Scottish Independence: Cable denies scaremongering

Vince Cable has waded into the independence row. Picture: Getty
Vince Cable has waded into the independence row. Picture: Getty
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VINCE Cable insisted yesterday he was not seeking to “scare” people off independence and that there was “logic” behind UK government warnings of the impact it would have on jobs and business in Scotland.

The Business Secretary said he was making the “unemotional” case for a “no” vote in next year’s referendum, as he unveiled a new paper suggesting that independence could “destabilise enterprise”, see an end to VAT relief on consumer goods and reduce cross-border movement between Scotland and England.

It came as he was forced to answer accusations of “scare-mongering” over the paper, which also warns that mobile phone roaming charges could be increased for Scottish residents – despite an EC bid to reduce and potentially scrap the unpopular penalties.

Deputy First Minister Nicola Sturgeon said that the entire 129 paper should be pulled yesterday, but Mr Cable argued that the information it contained on roaming charges and other consequences of independence had been “balanced”.

Asked whether the UK campaign was too negative, he insisted: “It is perfectly sensible to have a grown-up debate that is unemotional. Of course there are consequences and it is right that we spell out some of those problems. We have to do that in a sensible grown up way”.”

The report, published by the Department for Business, Innovation and Skills, is the latest in a series of Whitehall papers on the consequences of independence.

While previous reports have focused on macro-economic issues such as the currency, the new paper examines detailed issues from mobile phone coverage and postal services to transport, regulation and the movement of labour.

It concluded that “a single market between two separate states is not the same as a fully integrated domestic market”.

“Divergence and fragmentation” between Scotland and the remaining parts of the UK would therefore eventually lead to higher costs and “prolonged uncertainties” for firms and consumers, it added.

Yes group’s PR chief ousted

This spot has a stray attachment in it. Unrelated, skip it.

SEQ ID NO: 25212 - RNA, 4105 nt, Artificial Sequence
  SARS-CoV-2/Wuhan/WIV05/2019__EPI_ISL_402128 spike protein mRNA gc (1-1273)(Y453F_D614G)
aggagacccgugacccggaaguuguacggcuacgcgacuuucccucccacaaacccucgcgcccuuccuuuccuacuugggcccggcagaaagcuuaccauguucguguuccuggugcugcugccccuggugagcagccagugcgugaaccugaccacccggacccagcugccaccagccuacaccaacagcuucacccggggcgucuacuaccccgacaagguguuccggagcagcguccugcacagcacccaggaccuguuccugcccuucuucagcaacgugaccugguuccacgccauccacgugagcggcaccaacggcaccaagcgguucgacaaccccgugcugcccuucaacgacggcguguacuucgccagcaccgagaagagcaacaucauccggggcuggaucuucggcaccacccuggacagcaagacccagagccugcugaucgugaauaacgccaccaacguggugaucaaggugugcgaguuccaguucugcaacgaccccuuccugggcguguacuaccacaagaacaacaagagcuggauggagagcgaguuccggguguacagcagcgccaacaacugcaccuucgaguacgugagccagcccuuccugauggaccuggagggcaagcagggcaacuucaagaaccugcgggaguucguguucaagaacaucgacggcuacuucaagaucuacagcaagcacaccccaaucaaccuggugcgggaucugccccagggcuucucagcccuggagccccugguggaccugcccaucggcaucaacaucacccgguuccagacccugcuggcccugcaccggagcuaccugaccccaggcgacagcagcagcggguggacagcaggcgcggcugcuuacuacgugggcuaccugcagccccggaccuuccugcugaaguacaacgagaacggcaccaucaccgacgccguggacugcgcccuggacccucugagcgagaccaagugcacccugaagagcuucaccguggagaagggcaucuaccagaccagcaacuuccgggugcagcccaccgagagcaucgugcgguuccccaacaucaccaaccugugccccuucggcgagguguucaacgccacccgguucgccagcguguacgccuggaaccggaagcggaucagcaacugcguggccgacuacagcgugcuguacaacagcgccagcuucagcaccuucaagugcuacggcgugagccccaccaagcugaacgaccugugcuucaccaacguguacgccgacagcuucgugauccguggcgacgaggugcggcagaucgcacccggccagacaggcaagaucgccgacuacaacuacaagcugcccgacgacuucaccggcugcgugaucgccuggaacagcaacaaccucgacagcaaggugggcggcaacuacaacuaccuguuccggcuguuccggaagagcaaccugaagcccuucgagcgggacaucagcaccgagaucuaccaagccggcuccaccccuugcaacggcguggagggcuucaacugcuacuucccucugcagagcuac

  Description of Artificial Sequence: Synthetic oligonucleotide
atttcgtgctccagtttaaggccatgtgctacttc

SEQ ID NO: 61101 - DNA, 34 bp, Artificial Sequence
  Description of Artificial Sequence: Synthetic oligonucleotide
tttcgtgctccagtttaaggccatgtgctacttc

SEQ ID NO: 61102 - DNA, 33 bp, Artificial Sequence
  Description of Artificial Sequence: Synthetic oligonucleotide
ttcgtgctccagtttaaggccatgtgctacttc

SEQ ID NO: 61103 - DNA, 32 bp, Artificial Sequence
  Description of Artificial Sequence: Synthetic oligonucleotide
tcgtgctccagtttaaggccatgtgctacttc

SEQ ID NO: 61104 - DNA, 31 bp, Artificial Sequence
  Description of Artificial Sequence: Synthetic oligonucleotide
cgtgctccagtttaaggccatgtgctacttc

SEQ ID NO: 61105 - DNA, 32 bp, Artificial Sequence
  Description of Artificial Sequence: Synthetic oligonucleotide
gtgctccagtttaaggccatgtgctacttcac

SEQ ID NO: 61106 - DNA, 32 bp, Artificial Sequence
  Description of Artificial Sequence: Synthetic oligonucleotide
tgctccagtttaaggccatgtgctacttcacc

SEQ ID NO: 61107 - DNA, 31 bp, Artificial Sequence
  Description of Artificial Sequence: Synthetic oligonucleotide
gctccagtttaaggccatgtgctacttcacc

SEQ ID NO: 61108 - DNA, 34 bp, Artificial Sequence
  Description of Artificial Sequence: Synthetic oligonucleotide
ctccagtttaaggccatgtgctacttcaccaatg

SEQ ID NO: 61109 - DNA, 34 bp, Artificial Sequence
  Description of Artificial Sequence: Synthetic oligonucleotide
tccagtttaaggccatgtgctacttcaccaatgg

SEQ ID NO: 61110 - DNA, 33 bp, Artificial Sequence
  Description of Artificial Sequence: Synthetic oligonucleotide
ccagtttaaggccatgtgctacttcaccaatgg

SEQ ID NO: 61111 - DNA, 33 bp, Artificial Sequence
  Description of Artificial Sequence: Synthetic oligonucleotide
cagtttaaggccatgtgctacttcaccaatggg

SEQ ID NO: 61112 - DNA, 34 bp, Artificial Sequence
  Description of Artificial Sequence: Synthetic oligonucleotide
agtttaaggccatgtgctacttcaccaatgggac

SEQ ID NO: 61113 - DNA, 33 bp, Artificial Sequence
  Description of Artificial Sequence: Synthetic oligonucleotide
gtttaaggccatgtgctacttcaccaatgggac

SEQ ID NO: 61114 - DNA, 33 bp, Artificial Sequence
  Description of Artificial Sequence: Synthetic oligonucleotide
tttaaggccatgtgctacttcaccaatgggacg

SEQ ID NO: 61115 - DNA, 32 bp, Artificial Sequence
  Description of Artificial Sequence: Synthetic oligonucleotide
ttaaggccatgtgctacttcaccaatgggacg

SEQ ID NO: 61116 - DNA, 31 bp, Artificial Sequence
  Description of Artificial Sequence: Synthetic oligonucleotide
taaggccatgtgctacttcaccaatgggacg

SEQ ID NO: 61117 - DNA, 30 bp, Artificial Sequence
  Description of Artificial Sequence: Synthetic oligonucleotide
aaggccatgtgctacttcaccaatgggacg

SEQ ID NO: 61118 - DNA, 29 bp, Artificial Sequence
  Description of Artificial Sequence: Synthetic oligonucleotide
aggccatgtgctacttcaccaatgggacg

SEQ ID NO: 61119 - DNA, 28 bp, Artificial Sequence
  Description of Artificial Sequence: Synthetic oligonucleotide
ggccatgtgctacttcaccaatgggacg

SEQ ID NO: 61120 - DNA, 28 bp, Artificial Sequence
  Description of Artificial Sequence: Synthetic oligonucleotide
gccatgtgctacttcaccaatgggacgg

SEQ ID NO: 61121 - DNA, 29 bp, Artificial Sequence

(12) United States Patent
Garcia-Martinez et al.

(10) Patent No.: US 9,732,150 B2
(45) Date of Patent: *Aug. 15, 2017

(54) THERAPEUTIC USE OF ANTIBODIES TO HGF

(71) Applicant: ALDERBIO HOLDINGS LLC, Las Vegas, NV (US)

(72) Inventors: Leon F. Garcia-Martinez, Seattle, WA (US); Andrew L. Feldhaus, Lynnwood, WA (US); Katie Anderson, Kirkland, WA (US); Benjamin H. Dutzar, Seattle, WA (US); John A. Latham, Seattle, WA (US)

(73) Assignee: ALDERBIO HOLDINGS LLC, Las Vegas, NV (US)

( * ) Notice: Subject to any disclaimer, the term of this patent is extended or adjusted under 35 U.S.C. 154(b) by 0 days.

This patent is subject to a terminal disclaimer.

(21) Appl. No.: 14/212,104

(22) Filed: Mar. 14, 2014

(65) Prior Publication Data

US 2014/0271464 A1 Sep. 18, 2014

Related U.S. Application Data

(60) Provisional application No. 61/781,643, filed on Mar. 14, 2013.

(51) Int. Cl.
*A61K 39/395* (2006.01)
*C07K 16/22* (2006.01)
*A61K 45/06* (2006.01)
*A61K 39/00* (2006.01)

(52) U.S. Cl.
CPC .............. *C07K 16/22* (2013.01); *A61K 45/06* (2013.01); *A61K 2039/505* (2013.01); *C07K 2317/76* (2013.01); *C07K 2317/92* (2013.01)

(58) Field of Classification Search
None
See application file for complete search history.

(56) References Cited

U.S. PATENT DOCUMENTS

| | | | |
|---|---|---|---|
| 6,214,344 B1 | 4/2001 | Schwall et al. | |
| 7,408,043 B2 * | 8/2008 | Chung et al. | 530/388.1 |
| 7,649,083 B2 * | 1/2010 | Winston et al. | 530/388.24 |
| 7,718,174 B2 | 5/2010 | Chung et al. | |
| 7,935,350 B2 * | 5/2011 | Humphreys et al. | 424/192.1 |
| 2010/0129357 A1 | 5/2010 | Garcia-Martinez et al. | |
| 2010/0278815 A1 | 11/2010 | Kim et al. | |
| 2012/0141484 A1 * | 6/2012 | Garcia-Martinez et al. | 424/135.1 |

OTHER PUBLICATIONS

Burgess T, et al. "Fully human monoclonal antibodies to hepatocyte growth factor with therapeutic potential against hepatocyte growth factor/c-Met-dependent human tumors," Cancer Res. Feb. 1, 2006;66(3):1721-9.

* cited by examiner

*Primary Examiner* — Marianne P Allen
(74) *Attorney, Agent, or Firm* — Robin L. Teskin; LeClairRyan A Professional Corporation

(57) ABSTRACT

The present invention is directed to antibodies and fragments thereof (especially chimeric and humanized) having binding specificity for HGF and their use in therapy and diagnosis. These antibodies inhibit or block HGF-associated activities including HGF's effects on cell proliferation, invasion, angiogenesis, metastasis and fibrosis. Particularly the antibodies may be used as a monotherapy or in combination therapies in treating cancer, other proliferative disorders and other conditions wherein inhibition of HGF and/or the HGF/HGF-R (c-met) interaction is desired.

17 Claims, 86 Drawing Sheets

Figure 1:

THE pro-independence “Yes” campaign’s communications boss has been moved from her position after just ten months in the job.

Susan Stewart has stood down to move to a new “ambassadorial” role within the wider Yes Scotland campaign, which she said would allow her to “pursue other opportunities”.

Ms Stewart earlier served as Scotland’s first dedicated diplomat within the British embassy in Washington.

Yes Scotland also uses the Hay-McKerron media firm, which will continue running the campaign’s press operation.

Yes Scotland chief executive Blair Jenkins said that Ms Stewart’s move was part of changes that would see an increase in campaigning.

Small business backing for independence

MOST smaller Scottish firms are in favour of independence, a poll of businesses has indicated.

New research from AXA Business Insurance has revealed that 52 per cent of Scottish small and medium-sized businesses (SMEs) surveyed favour independence.

But the survey revealed that UK-wide, only one in four (25 per cent) of all those questioned believe that independence would be a good thing for small businesses in Scotland. A further 45 per cent believe it would not. The remaining 30 per cent are not sure either way. The study questioned around 500 SMEs across the UK

Nationalist MSP Kenneth Gibson welcomed the report. He said: “Business men and women know that deciding economic policies in Scotland means better policies for Scottish business. And with the full powers of independence, Scotland can achieve even more.

“While the SNP government will continue to do all it can to help our businesses, it is only with the full powers of independence we could do even more to support companies, strengthen our economy and create jobs.”

Union is third to back No vote

A TRADE union representing steel workers and shop staff has backed a No vote in next year’s Scottish independence referendum.

The Community union is the third major UK trade union to publicly come out against Scotland leaving the UK. Shop workers union Usdaw and train drivers union Aslef previously voted to oppose independence.

A national conference of Community, which has thousands of members in Scotland, yesterday agreed to formally support the anti-independence Better Together campaign.